Ultra-Deep Subsea Market to Reach $377 Billion Per Year by 2018

By: | October 23rd, 2013

Engineers are uniquely challenged when working beneath the ocean surface, especially on oil & gas projects. These ocean-based projects require subsea infrastructure, pipelines, floating facilities, flexible and rigid pipe lay and risers, and subsea controls for separation and storage of product. Auxiliary services include integrity management, inspection, repair, maintenance, surveying, upgrading and decommissioning. Subsea projects range from a few feet deep in marshlands to over 20,000 feet in deep seas, with the overall trend toward deeper and deeper sites located further and further from shore.

Equipment Needed for Subsea Work

For major players in subsea construction, a fleet of vessels, pipe laying platforms, and subsea cranes are needed to be successful in increasingly demanding ocean environments. The largest consumer of these services is the offshore oil and gas industry; the top five operators are Shell, British Petroleum, Chevron, Apache and Anadarko Petroleum.

Huge Growth Underway as Most Oil Sits Under Ocean’s Surface

As has been widely reported, easily accessible oil fields have already been found and exploited; the future of the industry is in deep oceans where fields are typically from 3,000 to 10,000 feet deep. Offshore oil and gas fields are set to provide an increasing share of the global oil supply with deepwater projects growing by 37% between now and 2018. Global deepwater oil and gas production facilities’ spending, expected to be $214 billion in 2014, will grow steadily at a 12% Compound Annual Growth Rate (CAGR) reaching $377 billion in 2018.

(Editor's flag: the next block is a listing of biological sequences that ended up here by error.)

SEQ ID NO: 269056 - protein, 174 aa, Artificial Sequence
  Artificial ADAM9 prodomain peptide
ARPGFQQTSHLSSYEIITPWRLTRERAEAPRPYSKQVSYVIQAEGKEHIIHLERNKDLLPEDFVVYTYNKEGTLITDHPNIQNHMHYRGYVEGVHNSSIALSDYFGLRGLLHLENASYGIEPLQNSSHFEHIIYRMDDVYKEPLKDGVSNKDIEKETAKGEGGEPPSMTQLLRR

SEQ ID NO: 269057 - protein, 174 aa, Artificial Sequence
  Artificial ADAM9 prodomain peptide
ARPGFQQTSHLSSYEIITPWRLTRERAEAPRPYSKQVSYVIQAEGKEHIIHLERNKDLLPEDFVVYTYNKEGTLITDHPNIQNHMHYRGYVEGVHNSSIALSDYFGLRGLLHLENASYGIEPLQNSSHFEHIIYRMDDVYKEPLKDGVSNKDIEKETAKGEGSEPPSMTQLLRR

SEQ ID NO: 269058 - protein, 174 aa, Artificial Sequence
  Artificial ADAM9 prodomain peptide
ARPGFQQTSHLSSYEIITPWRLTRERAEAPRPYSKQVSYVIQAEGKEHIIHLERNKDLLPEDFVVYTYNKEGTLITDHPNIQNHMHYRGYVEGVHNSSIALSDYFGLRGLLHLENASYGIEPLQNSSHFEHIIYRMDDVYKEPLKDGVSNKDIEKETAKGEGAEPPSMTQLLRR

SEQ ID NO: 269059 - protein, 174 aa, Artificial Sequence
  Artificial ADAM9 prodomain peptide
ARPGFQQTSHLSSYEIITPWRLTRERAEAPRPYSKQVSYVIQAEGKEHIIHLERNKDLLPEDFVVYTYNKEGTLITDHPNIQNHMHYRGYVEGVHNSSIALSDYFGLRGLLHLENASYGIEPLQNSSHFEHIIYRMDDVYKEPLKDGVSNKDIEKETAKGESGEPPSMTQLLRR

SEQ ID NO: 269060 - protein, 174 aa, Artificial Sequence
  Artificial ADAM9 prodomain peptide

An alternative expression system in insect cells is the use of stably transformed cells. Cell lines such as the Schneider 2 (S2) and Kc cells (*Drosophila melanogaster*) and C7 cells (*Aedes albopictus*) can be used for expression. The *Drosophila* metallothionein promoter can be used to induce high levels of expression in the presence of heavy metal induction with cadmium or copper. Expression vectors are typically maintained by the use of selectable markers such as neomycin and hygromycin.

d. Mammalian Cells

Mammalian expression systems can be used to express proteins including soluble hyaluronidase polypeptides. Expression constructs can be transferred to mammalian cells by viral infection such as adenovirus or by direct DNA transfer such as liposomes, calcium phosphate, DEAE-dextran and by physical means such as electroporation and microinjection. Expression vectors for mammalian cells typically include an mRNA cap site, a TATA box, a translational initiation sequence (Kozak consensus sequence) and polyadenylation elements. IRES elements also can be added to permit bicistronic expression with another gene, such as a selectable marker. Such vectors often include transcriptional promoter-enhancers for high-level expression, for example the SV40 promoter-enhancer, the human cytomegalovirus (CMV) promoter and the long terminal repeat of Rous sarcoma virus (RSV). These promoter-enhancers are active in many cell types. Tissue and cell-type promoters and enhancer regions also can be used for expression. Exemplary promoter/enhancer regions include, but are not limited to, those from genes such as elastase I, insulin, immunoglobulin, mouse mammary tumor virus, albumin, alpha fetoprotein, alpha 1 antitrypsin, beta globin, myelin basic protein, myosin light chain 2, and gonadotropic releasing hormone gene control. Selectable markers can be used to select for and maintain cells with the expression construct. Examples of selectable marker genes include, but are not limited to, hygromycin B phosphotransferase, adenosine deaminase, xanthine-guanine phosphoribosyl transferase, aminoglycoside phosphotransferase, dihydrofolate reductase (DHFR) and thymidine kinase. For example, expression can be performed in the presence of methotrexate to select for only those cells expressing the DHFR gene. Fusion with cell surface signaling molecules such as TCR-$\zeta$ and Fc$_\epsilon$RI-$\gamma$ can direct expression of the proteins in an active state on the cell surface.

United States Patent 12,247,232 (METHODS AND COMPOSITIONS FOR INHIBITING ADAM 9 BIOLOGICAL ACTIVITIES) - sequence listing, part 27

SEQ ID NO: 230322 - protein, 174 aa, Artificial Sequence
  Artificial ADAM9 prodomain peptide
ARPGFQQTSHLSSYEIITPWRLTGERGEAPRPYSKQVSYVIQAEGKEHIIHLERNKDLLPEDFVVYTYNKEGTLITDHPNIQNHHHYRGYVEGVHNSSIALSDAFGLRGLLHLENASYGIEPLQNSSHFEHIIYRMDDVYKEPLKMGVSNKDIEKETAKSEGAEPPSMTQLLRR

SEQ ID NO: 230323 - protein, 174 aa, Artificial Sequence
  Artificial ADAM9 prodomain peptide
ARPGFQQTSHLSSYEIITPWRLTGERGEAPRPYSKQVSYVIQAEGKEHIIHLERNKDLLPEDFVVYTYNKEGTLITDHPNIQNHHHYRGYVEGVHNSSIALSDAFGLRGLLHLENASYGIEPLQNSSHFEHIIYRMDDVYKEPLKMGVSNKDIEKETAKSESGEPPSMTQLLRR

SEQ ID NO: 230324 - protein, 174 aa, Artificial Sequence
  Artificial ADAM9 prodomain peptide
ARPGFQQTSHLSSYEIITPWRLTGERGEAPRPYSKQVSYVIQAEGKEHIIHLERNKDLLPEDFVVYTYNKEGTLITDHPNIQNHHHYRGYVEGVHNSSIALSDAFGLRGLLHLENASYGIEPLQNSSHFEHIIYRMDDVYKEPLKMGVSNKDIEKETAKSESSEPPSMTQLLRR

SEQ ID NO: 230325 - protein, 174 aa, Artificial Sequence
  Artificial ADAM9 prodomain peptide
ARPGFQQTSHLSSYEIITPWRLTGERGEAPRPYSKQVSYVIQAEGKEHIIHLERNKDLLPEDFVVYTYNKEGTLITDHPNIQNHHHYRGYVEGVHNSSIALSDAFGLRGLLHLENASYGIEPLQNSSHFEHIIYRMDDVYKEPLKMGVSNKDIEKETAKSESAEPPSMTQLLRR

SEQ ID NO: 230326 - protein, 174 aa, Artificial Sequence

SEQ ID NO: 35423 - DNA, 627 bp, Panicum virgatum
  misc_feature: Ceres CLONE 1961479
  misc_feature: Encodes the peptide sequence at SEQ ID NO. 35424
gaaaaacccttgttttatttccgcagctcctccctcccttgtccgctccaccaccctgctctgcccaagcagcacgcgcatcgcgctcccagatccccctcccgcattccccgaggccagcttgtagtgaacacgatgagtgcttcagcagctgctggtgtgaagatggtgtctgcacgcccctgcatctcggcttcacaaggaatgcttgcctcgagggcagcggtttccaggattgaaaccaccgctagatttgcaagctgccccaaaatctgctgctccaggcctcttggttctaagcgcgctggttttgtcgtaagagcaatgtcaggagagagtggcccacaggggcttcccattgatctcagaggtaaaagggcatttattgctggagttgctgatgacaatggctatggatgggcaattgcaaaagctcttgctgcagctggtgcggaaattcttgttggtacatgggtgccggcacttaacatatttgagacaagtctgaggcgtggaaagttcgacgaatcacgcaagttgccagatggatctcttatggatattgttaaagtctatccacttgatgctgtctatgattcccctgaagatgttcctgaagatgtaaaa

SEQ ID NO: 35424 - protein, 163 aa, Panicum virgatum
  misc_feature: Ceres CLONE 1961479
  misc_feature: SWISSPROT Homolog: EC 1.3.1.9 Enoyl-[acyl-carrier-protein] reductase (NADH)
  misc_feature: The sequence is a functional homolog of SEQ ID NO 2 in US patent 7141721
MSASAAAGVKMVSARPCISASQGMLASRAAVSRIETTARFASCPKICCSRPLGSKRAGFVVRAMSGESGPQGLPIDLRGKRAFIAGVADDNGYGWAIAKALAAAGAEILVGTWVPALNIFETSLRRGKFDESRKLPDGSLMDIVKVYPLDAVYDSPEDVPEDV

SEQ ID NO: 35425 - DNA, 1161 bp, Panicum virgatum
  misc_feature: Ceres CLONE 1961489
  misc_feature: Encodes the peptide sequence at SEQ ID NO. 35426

A Rundown of Current Worldwide Offshore Vessels (OSV)

A recent count of the worldwide OSV fleet revealed 2,967 vessels with 70% of the existing fleet under 20 years of age. The SinoPacific shipyard currently holds the top position with 48 new builds underway or a 12% market share. The current global order book for OSV ships totals 411 with approximately 200 to 300 vessels delivered and dozens of the oldest ships scrapped annually.

The image below is from the fleet of Bourbon, a huge player in this industry, with annual revenues of $1.62 trillion (1.187 trillion euros), operations in 45 countries, a total of 458 vessels and 10,300 employees worldwide, 81% of whom work at sea.

David Russell Schilling

David enjoys writing about high technology and its potential to make life better for all who inhabit planet earth.

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